5. Improved Productivity:Increased energy and focus, allowing volunteers to be more productive and effective in their work. This benefits both the project they’re working on and their personal development.
  6. Positive Role Modeling:Young volunteers become positive role models for their peers and the communities they serve. They demonstrate that one can have fun and make a difference without relying on alcohol.
  7. Conflict Resolution:No-alcohol can lead to better conflict resolution skills as volunteers learn to address issues and disagreements in a clear and constructive manner, helping to maintain a harmonious environment.
  8. Personal Growth:The absence of alcohol can provide an opportunity for self-reflection and personal growth. Young participants can gain a better understanding of themselves and their values during their volunteer experience.
  9. Safety for Vulnerable Populations:In some volunteer programs, participants may work with vulnerable populations such as children or individuals facing health challenges. An alcohol-free environment ensures their safety and well-being.
  10. Focus on the Mission:An alcohol-free environment keeps the focus on the primary mission of the volunteer program, whether it’s environmental conservation, humanitarian aid, education, or community development, leading to more meaningful and impactful outcomes.
  11. Ethical Responsibility:Participating in a programme that avoids alcohol aligns with ethical considerations in some cultures and communities. It shows respect for local customs and values.
  12. No hangxiety!Removing heightened levels of anxiety post alcohol.

No illegal activities, including drug taking
In some of the countries we operate, the buying, selling, or taking of drugs, including marijuana, is punishable by severe penalties. Participation in any illegal activity, including, but not limited to, consumption or procurement of illegal substances, is not tolerated and can result in the involvement of local authorities and/or immediate removal from the programme.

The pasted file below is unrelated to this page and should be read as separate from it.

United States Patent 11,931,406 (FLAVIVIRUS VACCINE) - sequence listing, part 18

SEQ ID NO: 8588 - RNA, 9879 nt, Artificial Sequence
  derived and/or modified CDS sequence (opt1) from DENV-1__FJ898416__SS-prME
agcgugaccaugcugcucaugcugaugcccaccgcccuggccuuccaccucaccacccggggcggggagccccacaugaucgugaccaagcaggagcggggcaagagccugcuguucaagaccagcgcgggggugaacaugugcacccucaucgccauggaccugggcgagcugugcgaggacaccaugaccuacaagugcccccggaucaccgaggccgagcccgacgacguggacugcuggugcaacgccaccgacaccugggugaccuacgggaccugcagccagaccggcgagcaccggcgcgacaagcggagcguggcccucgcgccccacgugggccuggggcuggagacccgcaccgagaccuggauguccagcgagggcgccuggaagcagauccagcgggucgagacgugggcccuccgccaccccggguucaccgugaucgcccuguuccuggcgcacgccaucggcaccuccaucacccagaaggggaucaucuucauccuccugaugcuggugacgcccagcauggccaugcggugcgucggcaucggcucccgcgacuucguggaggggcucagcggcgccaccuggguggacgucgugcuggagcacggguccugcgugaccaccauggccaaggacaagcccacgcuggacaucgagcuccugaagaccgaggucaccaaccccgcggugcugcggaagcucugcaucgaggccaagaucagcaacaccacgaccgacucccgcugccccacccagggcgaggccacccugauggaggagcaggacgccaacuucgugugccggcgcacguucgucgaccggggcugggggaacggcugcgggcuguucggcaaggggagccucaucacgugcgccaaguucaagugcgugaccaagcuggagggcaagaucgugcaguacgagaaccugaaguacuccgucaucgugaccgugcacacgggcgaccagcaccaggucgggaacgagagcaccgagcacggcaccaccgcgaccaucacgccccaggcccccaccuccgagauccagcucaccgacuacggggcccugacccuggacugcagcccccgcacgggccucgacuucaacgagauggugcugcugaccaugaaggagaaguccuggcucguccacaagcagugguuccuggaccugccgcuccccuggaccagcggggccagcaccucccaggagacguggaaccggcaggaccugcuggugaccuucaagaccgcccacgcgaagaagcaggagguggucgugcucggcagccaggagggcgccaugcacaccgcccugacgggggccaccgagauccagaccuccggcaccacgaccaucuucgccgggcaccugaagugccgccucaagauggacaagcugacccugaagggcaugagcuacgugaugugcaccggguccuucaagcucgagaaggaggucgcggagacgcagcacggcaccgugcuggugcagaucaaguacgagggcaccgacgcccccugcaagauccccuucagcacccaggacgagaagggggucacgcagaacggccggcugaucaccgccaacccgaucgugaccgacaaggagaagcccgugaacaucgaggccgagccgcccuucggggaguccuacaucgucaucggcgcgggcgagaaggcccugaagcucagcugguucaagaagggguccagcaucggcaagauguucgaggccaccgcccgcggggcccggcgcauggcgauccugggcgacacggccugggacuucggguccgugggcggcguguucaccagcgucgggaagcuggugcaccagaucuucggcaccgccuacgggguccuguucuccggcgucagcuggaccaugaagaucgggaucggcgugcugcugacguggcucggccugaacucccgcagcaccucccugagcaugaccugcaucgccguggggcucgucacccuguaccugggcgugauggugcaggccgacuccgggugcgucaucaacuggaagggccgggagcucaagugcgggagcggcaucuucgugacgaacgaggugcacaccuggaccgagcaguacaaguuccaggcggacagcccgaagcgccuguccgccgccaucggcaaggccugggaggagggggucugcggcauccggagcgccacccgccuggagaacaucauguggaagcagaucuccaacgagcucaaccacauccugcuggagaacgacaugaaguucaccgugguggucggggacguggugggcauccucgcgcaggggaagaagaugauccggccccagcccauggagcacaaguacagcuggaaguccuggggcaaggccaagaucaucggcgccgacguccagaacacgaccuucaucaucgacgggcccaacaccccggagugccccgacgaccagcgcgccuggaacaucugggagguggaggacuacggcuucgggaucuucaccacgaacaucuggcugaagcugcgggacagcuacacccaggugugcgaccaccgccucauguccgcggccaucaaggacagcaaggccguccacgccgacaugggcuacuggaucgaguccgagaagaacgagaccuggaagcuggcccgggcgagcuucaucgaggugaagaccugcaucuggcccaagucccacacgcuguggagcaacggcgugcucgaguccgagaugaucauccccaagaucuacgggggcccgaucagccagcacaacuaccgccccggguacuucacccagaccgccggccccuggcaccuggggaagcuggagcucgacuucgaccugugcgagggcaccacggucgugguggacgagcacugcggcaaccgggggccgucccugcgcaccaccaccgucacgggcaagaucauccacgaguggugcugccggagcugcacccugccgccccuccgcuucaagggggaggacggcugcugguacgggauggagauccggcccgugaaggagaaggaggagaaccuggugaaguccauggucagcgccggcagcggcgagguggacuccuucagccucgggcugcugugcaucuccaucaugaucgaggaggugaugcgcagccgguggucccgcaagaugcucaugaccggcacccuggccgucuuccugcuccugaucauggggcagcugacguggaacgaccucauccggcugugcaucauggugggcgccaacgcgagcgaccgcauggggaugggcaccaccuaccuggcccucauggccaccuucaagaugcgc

No acts of violence
Teams working together must learn to respect and trust each other, therefore any acts of violence (which includes serious verbal threats of violence or bullying) between participants, or participants and others in the community or staff will not be tolerated.

Don’t put others at risk
Your behaviour during the programme must not prejudice the safety and wellbeing of any member of the group, or the progress of projects. Raleigh has a strict set of Health & Safety Guidelines that inform every activity we do and everyone participating in a Raleigh programme is expected to adhere to these guidelines. At its worst, illness or injury resulting from flagrantly ignoring safety considerations could result in legal claims of negligence against individuals.

No inappropriate relationships during programmes
Developing any relationships which may put yourself or others at risk of harm, negatively affect how well the team get on, or how the programme is seen by the community. Sexual relationships on placement are not advised, as they almost always affect how well the team get on and how the programme is seen by the community, as well as potentially putting yourself and others at risk of harm.